There’s a very simple reason for this: the founders have added features to their product that allow users to be social rather than encouraging them to be social.

Read More at O'Reilly > 

Mobile First? Not So Fast! The Importance of Flow and Context.

I recently wrote a post for the O'Reilly Programming Blog called "Mobile First? Not So Fast!
Why "flow" and "context" are more important than screen size."

Here's an excerpt:

Are we done with the Mobile First meme, yet? Can we be? Please?

Look, don’t get me wrong. I fundamentally agree with a lot of the thoughts behind the annoying catchphrase “mobile first.” For example, I agree that mobile devices are now the primary (if not only) mode of connecting for many markets. I also think that having some sort of mobile strategy is absolutely required for almost every product.


The problem is that “mobile first” often equates “mobile” with “small screen” or “responsive layout” or “native vs. mobile web.” Now, those are all incredibly important decisions. But if you’re thinking about the size of your screen or the technology you’re going to use first, you are designing wrong.


Of course, if you’ve read anything else I’ve ever written, you know that the first thing you must figure out is an important customer problem or need that your product is aimed at solving for real people. We’re going to just skip over that whole part where you get to know your most important users. But that’s always first. Promise.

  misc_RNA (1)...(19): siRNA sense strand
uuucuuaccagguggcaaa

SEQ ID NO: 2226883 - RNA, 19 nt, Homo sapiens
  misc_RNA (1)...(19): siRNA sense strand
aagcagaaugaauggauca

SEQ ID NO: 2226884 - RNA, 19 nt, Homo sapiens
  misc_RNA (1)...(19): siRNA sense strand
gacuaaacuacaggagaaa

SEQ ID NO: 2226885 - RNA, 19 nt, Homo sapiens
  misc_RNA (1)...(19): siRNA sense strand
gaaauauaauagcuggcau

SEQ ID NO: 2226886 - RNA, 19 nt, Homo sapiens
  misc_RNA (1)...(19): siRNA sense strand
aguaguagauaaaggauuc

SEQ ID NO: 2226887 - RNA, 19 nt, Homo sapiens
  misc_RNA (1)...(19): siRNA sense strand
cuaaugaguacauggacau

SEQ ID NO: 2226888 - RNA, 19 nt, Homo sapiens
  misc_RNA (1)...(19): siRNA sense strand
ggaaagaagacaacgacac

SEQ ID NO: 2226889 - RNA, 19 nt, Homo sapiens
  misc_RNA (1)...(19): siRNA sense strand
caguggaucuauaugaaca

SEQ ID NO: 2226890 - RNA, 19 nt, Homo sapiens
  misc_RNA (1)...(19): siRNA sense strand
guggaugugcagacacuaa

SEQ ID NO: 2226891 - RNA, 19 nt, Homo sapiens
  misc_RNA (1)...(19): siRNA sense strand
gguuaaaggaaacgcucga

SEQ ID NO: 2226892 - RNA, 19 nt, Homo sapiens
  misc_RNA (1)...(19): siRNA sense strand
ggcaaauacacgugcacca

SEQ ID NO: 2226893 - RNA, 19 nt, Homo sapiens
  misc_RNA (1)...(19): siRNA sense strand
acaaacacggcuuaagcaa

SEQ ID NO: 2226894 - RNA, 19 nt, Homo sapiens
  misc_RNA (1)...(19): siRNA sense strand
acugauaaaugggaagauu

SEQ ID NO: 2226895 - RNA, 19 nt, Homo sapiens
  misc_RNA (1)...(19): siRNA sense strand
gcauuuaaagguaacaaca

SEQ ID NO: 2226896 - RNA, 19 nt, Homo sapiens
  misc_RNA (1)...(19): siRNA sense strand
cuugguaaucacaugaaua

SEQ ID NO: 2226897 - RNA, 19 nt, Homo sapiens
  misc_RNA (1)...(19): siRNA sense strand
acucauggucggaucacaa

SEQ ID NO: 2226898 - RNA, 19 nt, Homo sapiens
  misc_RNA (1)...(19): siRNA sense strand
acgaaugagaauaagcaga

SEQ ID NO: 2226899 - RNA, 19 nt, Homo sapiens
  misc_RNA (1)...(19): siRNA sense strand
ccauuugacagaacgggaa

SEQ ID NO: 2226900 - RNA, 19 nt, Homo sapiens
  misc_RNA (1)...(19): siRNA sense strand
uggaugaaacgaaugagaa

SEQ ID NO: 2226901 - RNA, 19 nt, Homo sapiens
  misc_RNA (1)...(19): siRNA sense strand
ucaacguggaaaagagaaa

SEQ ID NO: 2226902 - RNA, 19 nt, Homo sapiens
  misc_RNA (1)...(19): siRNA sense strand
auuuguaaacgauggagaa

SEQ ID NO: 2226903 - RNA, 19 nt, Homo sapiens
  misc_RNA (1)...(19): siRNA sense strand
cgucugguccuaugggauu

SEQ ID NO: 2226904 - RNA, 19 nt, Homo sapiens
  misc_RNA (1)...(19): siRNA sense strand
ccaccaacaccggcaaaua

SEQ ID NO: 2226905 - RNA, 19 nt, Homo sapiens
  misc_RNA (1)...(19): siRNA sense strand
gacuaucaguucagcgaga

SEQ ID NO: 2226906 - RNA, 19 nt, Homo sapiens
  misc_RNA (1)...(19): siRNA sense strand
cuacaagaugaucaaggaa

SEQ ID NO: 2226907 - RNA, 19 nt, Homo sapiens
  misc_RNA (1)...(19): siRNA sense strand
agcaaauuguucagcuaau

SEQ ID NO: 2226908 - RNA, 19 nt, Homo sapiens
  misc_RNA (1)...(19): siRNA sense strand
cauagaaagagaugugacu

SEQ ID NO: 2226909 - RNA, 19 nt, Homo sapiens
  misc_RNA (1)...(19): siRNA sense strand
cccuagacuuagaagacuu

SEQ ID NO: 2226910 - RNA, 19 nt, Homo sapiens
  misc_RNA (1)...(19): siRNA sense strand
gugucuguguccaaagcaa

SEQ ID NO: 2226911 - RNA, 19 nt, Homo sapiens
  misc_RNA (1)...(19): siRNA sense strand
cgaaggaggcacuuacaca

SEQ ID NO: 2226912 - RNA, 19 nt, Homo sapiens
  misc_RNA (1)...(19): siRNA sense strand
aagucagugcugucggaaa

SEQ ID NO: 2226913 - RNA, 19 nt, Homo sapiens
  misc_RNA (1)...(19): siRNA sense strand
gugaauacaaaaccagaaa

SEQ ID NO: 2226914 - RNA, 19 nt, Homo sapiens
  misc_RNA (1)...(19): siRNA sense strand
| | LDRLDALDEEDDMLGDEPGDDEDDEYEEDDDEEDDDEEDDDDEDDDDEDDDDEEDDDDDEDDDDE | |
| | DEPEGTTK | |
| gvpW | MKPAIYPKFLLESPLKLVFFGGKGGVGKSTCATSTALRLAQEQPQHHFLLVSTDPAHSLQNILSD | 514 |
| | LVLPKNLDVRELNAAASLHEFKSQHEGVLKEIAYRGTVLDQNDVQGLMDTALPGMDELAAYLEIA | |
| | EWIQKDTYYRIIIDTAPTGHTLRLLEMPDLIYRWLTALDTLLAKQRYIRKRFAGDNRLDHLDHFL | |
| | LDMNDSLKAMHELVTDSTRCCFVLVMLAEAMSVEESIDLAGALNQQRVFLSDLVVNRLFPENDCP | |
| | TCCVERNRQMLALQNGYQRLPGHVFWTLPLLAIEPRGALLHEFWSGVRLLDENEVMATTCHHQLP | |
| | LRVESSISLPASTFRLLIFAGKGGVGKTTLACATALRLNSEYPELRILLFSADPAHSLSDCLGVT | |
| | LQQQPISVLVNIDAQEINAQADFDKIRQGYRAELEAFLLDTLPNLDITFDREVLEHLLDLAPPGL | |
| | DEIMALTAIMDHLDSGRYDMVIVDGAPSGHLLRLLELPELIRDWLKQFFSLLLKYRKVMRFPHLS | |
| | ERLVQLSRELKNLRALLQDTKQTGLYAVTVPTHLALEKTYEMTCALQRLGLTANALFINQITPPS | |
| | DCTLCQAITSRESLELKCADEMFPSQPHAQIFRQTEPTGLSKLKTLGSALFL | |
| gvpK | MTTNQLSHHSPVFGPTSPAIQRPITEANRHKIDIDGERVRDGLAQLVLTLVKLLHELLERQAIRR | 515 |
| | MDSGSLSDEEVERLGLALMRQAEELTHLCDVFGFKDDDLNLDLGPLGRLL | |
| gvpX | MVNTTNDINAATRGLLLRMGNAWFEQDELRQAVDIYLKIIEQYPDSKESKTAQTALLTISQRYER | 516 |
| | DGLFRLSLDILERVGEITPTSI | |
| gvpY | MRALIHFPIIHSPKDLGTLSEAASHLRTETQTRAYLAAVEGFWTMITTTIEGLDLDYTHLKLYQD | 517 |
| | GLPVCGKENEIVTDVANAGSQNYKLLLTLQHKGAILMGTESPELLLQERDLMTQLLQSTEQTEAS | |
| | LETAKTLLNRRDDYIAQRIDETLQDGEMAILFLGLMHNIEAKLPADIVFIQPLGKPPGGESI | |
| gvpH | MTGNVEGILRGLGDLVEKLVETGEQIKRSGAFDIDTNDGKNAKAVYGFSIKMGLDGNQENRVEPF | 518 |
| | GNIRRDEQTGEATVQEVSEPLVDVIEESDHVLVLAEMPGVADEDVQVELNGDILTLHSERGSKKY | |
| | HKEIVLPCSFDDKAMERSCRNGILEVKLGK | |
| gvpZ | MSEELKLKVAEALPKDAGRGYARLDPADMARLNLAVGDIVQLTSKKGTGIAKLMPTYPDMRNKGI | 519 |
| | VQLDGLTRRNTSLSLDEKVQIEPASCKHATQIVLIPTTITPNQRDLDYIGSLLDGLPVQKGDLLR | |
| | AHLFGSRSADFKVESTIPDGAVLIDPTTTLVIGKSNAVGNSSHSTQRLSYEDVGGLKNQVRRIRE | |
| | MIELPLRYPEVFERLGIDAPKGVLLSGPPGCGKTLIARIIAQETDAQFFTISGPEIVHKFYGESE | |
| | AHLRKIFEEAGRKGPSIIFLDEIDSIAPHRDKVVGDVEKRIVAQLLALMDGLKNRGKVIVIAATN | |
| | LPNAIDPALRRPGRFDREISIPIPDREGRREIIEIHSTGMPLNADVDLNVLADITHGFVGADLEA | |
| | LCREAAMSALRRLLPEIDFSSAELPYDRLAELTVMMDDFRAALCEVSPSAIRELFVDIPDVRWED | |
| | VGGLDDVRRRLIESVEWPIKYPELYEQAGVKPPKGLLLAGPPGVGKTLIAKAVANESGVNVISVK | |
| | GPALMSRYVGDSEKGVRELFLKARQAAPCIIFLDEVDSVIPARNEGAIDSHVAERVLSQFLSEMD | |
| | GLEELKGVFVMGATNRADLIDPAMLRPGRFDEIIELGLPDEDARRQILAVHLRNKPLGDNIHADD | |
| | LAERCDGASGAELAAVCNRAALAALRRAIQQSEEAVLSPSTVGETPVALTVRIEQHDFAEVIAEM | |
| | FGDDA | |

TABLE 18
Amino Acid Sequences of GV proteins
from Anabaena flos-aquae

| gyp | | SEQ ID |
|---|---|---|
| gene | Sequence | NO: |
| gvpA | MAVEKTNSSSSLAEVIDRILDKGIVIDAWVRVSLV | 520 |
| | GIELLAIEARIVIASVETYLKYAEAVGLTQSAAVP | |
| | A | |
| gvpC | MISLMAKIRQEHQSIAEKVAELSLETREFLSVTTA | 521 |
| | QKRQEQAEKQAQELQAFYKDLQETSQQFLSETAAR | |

Once you’ve done all that though, you need to start designing. And there are two things that you should always know before you even start considering things like screen size or technology.


Those two things are: Flow and Context.


Read the rest at the O'Reilly Programming Blog >

Want more information like this? 


My new book, UX for Lean Startups, will help you learn how to do better qualitative and quantitative research. It also includes tons of tips and tricks for better, faster design. 

Idiots, Drama Queens, and Scammers - Improving the Customer Service with UX

I recently published another article in Smashing Magazine. This one is titled Idiots, Drama Queens, and Scammers - Improving the Customer Experience with UX.

Here's an excerpt:
User experience design isn’t just about building wireframes and Photoshop mock-ups. It extends to areas that you wouldn’t necessarily think are part of the discipline.

For example, your customer service department can have a huge impact on your website’s overall user experience. Similarly, the design of your user experience could have an awfully big effect on your customer service department. Of course, not all of your users will interact with the customer service department, but for those who do, their experience can improve or destroy the customer relationship.